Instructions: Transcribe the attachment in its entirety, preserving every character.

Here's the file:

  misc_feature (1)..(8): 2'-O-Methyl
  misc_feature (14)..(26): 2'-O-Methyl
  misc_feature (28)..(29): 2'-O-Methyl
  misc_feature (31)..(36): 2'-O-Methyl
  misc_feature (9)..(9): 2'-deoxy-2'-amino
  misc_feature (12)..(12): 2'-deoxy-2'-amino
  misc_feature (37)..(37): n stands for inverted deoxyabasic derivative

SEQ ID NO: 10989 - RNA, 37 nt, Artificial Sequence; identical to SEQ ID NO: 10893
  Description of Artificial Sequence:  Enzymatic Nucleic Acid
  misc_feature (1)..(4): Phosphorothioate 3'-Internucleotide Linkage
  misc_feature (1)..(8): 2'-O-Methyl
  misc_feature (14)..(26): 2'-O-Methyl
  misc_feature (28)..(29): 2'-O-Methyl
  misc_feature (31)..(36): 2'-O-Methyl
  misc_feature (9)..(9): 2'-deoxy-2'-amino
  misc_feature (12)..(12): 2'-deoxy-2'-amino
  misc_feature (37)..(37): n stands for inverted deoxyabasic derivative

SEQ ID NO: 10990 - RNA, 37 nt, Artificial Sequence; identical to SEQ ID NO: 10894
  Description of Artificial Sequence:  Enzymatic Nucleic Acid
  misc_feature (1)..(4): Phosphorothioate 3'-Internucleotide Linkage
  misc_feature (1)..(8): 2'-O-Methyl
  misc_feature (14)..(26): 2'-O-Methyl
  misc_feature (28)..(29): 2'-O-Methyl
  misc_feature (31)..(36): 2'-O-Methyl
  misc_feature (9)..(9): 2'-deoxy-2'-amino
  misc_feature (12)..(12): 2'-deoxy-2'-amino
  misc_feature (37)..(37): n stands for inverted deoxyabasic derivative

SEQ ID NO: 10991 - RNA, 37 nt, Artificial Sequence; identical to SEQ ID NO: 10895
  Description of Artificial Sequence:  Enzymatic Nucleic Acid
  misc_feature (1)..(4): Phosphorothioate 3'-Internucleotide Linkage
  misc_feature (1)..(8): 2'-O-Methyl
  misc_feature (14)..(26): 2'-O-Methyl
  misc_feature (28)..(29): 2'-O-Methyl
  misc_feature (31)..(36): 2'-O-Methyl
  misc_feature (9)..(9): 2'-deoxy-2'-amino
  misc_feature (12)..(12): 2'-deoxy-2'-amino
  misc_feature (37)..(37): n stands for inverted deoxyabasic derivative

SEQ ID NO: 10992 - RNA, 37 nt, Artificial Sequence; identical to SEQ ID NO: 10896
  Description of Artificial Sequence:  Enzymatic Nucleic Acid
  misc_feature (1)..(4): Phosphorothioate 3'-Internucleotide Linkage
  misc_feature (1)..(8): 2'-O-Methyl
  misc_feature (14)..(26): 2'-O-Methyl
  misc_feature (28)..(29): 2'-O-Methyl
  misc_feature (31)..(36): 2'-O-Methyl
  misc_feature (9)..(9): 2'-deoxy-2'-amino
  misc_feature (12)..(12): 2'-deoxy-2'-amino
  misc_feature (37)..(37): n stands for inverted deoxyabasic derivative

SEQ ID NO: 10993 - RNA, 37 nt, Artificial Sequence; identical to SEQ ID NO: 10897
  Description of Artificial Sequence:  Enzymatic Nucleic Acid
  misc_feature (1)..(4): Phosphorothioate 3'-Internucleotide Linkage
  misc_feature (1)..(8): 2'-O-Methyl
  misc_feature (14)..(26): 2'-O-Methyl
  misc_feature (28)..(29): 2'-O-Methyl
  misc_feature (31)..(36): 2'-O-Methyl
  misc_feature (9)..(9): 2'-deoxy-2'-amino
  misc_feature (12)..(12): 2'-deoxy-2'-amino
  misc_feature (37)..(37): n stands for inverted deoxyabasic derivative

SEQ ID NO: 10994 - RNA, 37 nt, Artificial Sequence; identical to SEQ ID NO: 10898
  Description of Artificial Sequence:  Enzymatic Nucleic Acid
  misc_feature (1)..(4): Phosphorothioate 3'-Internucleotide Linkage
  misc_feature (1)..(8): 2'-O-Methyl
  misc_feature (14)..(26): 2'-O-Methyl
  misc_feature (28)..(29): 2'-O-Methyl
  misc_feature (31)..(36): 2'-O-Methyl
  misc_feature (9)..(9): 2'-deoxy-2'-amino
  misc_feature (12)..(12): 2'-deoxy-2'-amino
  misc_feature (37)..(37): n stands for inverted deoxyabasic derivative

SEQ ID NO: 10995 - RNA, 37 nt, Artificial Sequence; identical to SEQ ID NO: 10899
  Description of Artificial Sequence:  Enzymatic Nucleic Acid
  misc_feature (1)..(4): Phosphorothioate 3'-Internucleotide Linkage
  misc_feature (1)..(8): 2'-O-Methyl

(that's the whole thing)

  misc_feature (1)..(8): 2'-O-Methyl
  misc_feature (14)..(26): 2'-O-Methyl
  misc_feature (28)..(29): 2'-O-Methyl
  misc_feature (31)..(36): 2'-O-Methyl
  misc_feature (9)..(9): 2'-deoxy-2'-amino
  misc_feature (12)..(12): 2'-deoxy-2'-amino
  misc_feature (37)..(37): n stands for inverted deoxyabasic derivative

SEQ ID NO: 10989 - RNA, 37 nt, Artificial Sequence; identical to SEQ ID NO: 10893
  Description of Artificial Sequence:  Enzymatic Nucleic Acid
  misc_feature (1)..(4): Phosphorothioate 3'-Internucleotide Linkage
  misc_feature (1)..(8): 2'-O-Methyl
  misc_feature (14)..(26): 2'-O-Methyl
  misc_feature (28)..(29): 2'-O-Methyl
  misc_feature (31)..(36): 2'-O-Methyl
  misc_feature (9)..(9): 2'-deoxy-2'-amino
  misc_feature (12)..(12): 2'-deoxy-2'-amino
  misc_feature (37)..(37): n stands for inverted deoxyabasic derivative

SEQ ID NO: 10990 - RNA, 37 nt, Artificial Sequence; identical to SEQ ID NO: 10894
  Description of Artificial Sequence:  Enzymatic Nucleic Acid
  misc_feature (1)..(4): Phosphorothioate 3'-Internucleotide Linkage
  misc_feature (1)..(8): 2'-O-Methyl
  misc_feature (14)..(26): 2'-O-Methyl
  misc_feature (28)..(29): 2'-O-Methyl
  misc_feature (31)..(36): 2'-O-Methyl
  misc_feature (9)..(9): 2'-deoxy-2'-amino
  misc_feature (12)..(12): 2'-deoxy-2'-amino
  misc_feature (37)..(37): n stands for inverted deoxyabasic derivative

SEQ ID NO: 10991 - RNA, 37 nt, Artificial Sequence; identical to SEQ ID NO: 10895
  Description of Artificial Sequence:  Enzymatic Nucleic Acid
  misc_feature (1)..(4): Phosphorothioate 3'-Internucleotide Linkage
  misc_feature (1)..(8): 2'-O-Methyl
  misc_feature (14)..(26): 2'-O-Methyl
  misc_feature (28)..(29): 2'-O-Methyl
  misc_feature (31)..(36): 2'-O-Methyl
  misc_feature (9)..(9): 2'-deoxy-2'-amino
  misc_feature (12)..(12): 2'-deoxy-2'-amino
  misc_feature (37)..(37): n stands for inverted deoxyabasic derivative

SEQ ID NO: 10992 - RNA, 37 nt, Artificial Sequence; identical to SEQ ID NO: 10896
  Description of Artificial Sequence:  Enzymatic Nucleic Acid
  misc_feature (1)..(4): Phosphorothioate 3'-Internucleotide Linkage
  misc_feature (1)..(8): 2'-O-Methyl
  misc_feature (14)..(26): 2'-O-Methyl
  misc_feature (28)..(29): 2'-O-Methyl
  misc_feature (31)..(36): 2'-O-Methyl
  misc_feature (9)..(9): 2'-deoxy-2'-amino
  misc_feature (12)..(12): 2'-deoxy-2'-amino
  misc_feature (37)..(37): n stands for inverted deoxyabasic derivative

SEQ ID NO: 10993 - RNA, 37 nt, Artificial Sequence; identical to SEQ ID NO: 10897
  Description of Artificial Sequence:  Enzymatic Nucleic Acid
  misc_feature (1)..(4): Phosphorothioate 3'-Internucleotide Linkage
  misc_feature (1)..(8): 2'-O-Methyl
  misc_feature (14)..(26): 2'-O-Methyl
  misc_feature (28)..(29): 2'-O-Methyl
  misc_feature (31)..(36): 2'-O-Methyl
  misc_feature (9)..(9): 2'-deoxy-2'-amino
  misc_feature (12)..(12): 2'-deoxy-2'-amino
  misc_feature (37)..(37): n stands for inverted deoxyabasic derivative

SEQ ID NO: 10994 - RNA, 37 nt, Artificial Sequence; identical to SEQ ID NO: 10898
  Description of Artificial Sequence:  Enzymatic Nucleic Acid
  misc_feature (1)..(4): Phosphorothioate 3'-Internucleotide Linkage
  misc_feature (1)..(8): 2'-O-Methyl
  misc_feature (14)..(26): 2'-O-Methyl
  misc_feature (28)..(29): 2'-O-Methyl
  misc_feature (31)..(36): 2'-O-Methyl
  misc_feature (9)..(9): 2'-deoxy-2'-amino
  misc_feature (12)..(12): 2'-deoxy-2'-amino
  misc_feature (37)..(37): n stands for inverted deoxyabasic derivative

SEQ ID NO: 10995 - RNA, 37 nt, Artificial Sequence; identical to SEQ ID NO: 10899
  Description of Artificial Sequence:  Enzymatic Nucleic Acid
  misc_feature (1)..(4): Phosphorothioate 3'-Internucleotide Linkage
  misc_feature (1)..(8): 2'-O-Methyl